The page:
CREEPY CLASSICS presents...
Every weekend we're watching movies together...whether you're in Pennsylvania USA, or Sydney Australia. It's a throwback! Back to the days when you had the anticipation for waiting till the weekend to see the classic horror or science fiction film that was listed in the TV Guide. The plan is to watch a movie at 7:30PM on Saturday night in your own time zone. Or, if you can't Saturday night...anytime during the weekend. Then, we'll all get together and e-mail our thoughts on the film...a few paragraphs...or simply a sentence if you'd like. They after-viewing reviews appear on our Creepy Classics/Monster Bash News Page. See the latest thoughts posted by viewers ther now.
Concept submitted by Mike Adams of Cartaret, New Jeresey.
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Above: The original movie poster for THE SPIDER, also known as EARTH VS. THE SPIDER.
A RECENTLT VIEWED CREEPY CLASSICS MOVIE NIGHT FEATURE:"EARTH VS. THE SPIDER" (1958) A classic 1950s teenagers-meet-the-giant-monster flick. A young girl's father is missing. She and her boyfriend search for him and come across his truck near a cave. Inside the cave, it's giant cobwebs and human skeletons! They eventually find her dad's mummified corpse drained of bodily fluids. The spider is one nasty monster the size of a small house. Of course, the authorities don't believe those crazy teens. Eventually it's captured and they hold it in the high school gym (of course!). A practicing rock and roll bands jamming vibrations reanimate it. Great Bert I. Gordon effects in this really fun flick. Suggested by Mike Adams, Carteret, NJ.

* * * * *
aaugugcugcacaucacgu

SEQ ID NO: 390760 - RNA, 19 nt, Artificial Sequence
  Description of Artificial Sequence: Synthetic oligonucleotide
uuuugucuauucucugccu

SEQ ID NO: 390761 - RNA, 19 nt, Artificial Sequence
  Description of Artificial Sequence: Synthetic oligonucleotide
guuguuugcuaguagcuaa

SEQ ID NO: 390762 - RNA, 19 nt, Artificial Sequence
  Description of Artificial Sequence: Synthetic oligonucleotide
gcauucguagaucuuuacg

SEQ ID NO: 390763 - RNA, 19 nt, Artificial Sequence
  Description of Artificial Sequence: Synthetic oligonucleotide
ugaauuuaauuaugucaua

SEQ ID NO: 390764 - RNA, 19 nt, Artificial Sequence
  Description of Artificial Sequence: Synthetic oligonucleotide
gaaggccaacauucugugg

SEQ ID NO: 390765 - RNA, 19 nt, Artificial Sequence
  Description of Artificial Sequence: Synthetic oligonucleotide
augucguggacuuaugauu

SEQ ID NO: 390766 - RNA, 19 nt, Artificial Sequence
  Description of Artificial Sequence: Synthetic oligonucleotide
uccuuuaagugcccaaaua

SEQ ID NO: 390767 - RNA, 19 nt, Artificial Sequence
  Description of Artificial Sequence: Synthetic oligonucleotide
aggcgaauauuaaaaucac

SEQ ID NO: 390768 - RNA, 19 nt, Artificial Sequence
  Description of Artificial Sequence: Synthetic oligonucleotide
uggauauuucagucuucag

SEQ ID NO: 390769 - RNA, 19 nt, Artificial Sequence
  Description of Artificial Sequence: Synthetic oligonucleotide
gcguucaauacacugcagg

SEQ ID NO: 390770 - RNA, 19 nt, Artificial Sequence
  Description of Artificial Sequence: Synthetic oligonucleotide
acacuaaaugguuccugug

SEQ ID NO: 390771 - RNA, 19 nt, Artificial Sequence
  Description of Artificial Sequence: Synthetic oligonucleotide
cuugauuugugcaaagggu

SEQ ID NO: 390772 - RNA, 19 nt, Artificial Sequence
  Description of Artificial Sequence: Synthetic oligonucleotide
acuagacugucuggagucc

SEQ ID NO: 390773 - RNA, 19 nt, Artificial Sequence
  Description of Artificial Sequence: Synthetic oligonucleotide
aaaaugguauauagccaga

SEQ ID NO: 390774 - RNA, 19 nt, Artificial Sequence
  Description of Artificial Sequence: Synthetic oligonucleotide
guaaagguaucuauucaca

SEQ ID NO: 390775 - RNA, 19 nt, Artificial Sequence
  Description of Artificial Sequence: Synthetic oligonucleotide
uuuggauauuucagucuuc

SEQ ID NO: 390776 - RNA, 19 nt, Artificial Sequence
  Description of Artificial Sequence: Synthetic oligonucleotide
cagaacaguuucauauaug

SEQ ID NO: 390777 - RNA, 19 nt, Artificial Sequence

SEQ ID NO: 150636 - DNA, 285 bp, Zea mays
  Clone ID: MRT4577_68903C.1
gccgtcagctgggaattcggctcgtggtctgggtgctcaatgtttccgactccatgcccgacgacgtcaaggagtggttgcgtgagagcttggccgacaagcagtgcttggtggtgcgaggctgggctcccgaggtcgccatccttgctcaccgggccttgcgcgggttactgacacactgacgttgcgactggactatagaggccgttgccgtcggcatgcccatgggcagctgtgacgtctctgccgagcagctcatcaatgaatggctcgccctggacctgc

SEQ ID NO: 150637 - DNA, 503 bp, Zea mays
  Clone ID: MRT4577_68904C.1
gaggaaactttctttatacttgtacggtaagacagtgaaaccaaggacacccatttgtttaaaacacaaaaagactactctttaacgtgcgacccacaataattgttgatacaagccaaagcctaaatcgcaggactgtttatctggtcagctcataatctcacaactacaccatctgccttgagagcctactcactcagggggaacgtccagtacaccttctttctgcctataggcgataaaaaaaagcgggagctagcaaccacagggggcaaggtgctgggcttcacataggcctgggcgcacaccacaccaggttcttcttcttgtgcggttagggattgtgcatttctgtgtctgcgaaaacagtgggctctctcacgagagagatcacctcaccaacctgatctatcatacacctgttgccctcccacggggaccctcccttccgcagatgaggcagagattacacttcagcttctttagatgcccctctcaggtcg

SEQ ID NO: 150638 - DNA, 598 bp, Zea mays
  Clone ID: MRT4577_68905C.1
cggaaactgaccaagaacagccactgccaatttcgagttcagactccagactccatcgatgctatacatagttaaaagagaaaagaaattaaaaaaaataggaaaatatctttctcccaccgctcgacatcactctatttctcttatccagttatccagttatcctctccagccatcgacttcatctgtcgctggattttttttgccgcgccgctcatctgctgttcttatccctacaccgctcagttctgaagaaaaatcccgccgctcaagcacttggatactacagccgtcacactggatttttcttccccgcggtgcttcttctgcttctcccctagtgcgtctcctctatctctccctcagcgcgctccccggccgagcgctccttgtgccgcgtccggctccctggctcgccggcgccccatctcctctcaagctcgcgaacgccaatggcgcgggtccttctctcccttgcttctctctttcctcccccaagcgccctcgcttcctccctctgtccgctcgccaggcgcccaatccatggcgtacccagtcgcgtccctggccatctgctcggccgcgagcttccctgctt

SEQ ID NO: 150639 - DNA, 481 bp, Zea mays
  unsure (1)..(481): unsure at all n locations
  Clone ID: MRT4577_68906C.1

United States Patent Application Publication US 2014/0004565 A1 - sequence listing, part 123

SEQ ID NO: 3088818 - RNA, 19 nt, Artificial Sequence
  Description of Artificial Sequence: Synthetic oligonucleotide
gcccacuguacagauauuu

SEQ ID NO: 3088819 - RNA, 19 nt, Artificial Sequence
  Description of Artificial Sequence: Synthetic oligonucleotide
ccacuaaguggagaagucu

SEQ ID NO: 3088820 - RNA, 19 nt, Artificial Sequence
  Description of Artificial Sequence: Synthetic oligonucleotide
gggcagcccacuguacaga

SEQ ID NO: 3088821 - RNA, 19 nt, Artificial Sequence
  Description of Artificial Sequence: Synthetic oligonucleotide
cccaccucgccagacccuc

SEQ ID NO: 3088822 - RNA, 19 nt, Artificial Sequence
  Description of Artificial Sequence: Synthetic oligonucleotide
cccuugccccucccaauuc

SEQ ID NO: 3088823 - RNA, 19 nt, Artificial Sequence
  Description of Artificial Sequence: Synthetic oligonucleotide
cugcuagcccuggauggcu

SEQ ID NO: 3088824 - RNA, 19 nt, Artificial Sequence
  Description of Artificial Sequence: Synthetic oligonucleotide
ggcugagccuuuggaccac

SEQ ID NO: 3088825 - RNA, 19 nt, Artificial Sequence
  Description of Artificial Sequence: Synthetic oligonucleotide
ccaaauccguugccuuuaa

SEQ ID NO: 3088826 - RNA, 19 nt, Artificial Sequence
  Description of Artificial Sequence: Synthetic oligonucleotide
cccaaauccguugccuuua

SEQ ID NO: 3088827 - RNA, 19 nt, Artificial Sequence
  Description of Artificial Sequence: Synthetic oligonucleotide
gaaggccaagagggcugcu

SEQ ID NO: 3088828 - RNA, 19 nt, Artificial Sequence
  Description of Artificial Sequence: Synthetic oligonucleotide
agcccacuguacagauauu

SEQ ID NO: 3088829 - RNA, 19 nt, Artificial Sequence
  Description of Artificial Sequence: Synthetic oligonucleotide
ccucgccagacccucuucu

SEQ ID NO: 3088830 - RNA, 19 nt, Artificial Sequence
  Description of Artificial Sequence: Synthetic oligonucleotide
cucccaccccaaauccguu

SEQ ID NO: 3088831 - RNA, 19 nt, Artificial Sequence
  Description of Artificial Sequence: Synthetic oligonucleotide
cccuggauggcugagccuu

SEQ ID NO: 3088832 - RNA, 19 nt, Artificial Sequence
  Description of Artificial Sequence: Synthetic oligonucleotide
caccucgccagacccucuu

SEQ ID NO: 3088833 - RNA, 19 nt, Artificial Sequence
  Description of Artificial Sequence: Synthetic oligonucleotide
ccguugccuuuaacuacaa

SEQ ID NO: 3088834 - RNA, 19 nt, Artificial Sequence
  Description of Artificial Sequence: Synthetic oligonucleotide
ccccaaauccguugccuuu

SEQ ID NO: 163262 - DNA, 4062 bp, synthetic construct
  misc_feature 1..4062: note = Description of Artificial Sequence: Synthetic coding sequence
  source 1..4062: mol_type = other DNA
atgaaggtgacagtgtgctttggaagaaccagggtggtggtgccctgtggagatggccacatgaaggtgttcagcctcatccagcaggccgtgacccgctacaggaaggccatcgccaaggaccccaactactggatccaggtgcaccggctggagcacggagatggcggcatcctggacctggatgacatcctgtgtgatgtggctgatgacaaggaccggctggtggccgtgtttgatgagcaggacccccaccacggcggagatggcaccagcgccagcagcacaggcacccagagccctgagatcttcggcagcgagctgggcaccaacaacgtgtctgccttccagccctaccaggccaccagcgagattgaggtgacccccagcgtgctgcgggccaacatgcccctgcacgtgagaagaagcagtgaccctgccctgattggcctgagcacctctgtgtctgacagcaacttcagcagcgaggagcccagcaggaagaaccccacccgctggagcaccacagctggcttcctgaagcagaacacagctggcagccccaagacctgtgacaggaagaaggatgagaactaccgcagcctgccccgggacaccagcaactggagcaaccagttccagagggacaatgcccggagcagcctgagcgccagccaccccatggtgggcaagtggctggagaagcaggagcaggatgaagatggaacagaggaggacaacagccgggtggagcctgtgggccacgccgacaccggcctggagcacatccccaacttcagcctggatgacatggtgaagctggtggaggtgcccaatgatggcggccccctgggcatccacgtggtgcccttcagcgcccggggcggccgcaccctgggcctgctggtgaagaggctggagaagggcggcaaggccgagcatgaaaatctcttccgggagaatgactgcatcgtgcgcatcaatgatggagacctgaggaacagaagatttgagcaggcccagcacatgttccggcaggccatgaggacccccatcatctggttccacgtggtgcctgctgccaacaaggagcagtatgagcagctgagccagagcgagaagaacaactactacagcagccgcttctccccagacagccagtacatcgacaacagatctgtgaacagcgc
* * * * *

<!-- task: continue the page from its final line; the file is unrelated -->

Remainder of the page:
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This one easily falls into the catagory or low budget, yet totally entertaining. Bert I. Gordon producing, directing and overseeing the big-bug special effects with aid from his wife Flora. A slice of Americana were rock 'n' roll music revives a stunned monster! Bginning to end, the movie itself rocks. In fact, before the title credit comes up we have the Spider killing a man in a truck, with gory effects for it's time, as blood splatters accross the windshield and screen! Another movie triumph aimed at the teen market in the 1950s. -Ron Adams, Ligonier, PA
Above: The 8mm film box for THE SPIDER (EARTH VS. THE SPIDER).
Hey Ron, Watched Earth vs the Spider last night. It was a fun Bert I. Gordon giant creature movie. Not quite on the same scale as Universal"s Tarantula but still a good movie to watch. Special effects were good for a lower budget 1950's sci-fi film. You throw in a understanding teacher, an unbelieving sheriff, a few teenagers and a giant spider and you have a great time at the theater. I also had the 8mm home movie as a kid with the box having a picture of a spider with a skull head. Thanks for these ideas of movies to watch each week. It takes me back to the old days of every Friday night watching Sammy Terry's Nightmare Theater on WTTV channel 4 in Indy and seeing the classic and not so classic monster movies. Great memories. Thanks
-Dave Myers, Bryant In
In order for a movie to be labeled fun it must meet a certain criterea for me:
There aren't too many titles I can come up with that possess these wonderful attributes. In fact there's only one and that's Bert I Gordon's "Earth vs the Spider!" Now I'm sure Bert wasn't really going for a thinking person's movie when he decided to make this little gem. You certainly can't accuse him of being a Val Lewton wannabe here. I doubt that there were long tiresome meetings where writers labored endlessly to come up with mind boggling ideas.